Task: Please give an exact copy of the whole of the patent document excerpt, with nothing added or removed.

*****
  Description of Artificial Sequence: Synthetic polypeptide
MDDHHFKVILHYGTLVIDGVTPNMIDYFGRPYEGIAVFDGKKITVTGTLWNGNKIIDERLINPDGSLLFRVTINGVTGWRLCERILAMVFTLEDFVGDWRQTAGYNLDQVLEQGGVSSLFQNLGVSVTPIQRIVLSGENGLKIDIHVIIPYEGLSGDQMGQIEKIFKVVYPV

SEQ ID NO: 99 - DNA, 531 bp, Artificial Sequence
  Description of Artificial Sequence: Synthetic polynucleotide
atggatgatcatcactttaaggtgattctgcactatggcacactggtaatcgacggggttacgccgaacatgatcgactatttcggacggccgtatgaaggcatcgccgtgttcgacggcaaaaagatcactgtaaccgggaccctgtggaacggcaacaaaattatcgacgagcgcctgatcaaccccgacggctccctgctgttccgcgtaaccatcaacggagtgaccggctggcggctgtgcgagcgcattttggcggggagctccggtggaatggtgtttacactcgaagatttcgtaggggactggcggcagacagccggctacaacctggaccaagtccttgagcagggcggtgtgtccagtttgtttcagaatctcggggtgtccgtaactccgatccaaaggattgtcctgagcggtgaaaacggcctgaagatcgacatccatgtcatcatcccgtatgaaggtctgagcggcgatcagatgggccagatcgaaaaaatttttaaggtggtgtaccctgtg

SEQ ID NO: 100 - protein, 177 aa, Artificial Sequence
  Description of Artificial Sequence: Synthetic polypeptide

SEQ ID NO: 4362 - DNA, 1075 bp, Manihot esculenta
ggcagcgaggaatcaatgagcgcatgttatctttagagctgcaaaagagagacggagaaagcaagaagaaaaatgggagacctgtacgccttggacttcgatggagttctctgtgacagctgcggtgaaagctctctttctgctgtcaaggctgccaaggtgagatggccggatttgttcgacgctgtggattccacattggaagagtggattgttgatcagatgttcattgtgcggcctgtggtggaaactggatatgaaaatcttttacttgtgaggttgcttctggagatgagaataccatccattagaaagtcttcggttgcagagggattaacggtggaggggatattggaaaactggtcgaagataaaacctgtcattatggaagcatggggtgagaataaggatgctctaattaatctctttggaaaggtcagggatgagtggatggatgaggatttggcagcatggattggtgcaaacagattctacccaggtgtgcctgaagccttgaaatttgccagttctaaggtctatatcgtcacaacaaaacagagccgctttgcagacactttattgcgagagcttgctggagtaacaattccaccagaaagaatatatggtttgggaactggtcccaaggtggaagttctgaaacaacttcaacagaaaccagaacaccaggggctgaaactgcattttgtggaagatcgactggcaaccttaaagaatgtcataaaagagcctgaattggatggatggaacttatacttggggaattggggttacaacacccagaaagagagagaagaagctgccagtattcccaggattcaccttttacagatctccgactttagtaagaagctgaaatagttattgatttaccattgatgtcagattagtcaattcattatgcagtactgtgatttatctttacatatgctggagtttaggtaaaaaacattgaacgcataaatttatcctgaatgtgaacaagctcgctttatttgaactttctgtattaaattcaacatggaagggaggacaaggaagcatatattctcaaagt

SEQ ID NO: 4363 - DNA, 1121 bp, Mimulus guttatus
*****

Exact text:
  Description of Artificial Sequence: Synthetic polypeptide
MDDHHFKVILHYGTLVIDGVTPNMIDYFGRPYEGIAVFDGKKITVTGTLWNGNKIIDERLINPDGSLLFRVTINGVTGWRLCERILAMVFTLEDFVGDWRQTAGYNLDQVLEQGGVSSLFQNLGVSVTPIQRIVLSGENGLKIDIHVIIPYEGLSGDQMGQIEKIFKVVYPV

SEQ ID NO: 99 - DNA, 531 bp, Artificial Sequence
  Description of Artificial Sequence: Synthetic polynucleotide
atggatgatcatcactttaaggtgattctgcactatggcacactggtaatcgacggggttacgccgaacatgatcgactatttcggacggccgtatgaaggcatcgccgtgttcgacggcaaaaagatcactgtaaccgggaccctgtggaacggcaacaaaattatcgacgagcgcctgatcaaccccgacggctccctgctgttccgcgtaaccatcaacggagtgaccggctggcggctgtgcgagcgcattttggcggggagctccggtggaatggtgtttacactcgaagatttcgtaggggactggcggcagacagccggctacaacctggaccaagtccttgagcagggcggtgtgtccagtttgtttcagaatctcggggtgtccgtaactccgatccaaaggattgtcctgagcggtgaaaacggcctgaagatcgacatccatgtcatcatcccgtatgaaggtctgagcggcgatcagatgggccagatcgaaaaaatttttaaggtggtgtaccctgtg

SEQ ID NO: 100 - protein, 177 aa, Artificial Sequence
  Description of Artificial Sequence: Synthetic polypeptide

SEQ ID NO: 4362 - DNA, 1075 bp, Manihot esculenta
ggcagcgaggaatcaatgagcgcatgttatctttagagctgcaaaagagagacggagaaagcaagaagaaaaatgggagacctgtacgccttggacttcgatggagttctctgtgacagctgcggtgaaagctctctttctgctgtcaaggctgccaaggtgagatggccggatttgttcgacgctgtggattccacattggaagagtggattgttgatcagatgttcattgtgcggcctgtggtggaaactggatatgaaaatcttttacttgtgaggttgcttctggagatgagaataccatccattagaaagtcttcggttgcagagggattaacggtggaggggatattggaaaactggtcgaagataaaacctgtcattatggaagcatggggtgagaataaggatgctctaattaatctctttggaaaggtcagggatgagtggatggatgaggatttggcagcatggattggtgcaaacagattctacccaggtgtgcctgaagccttgaaatttgccagttctaaggtctatatcgtcacaacaaaacagagccgctttgcagacactttattgcgagagcttgctggagtaacaattccaccagaaagaatatatggtttgggaactggtcccaaggtggaagttctgaaacaacttcaacagaaaccagaacaccaggggctgaaactgcattttgtggaagatcgactggcaaccttaaagaatgtcataaaagagcctgaattggatggatggaacttatacttggggaattggggttacaacacccagaaagagagagaagaagctgccagtattcccaggattcaccttttacagatctccgactttagtaagaagctgaaatagttattgatttaccattgatgtcagattagtcaattcattatgcagtactgtgatttatctttacatatgctggagtttaggtaaaaaacattgaacgcataaatttatcctgaatgtgaacaagctcgctttatttgaactttctgtattaaattcaacatggaagggaggacaaggaagcatatattctcaaagt

SEQ ID NO: 4363 - DNA, 1121 bp, Mimulus guttatus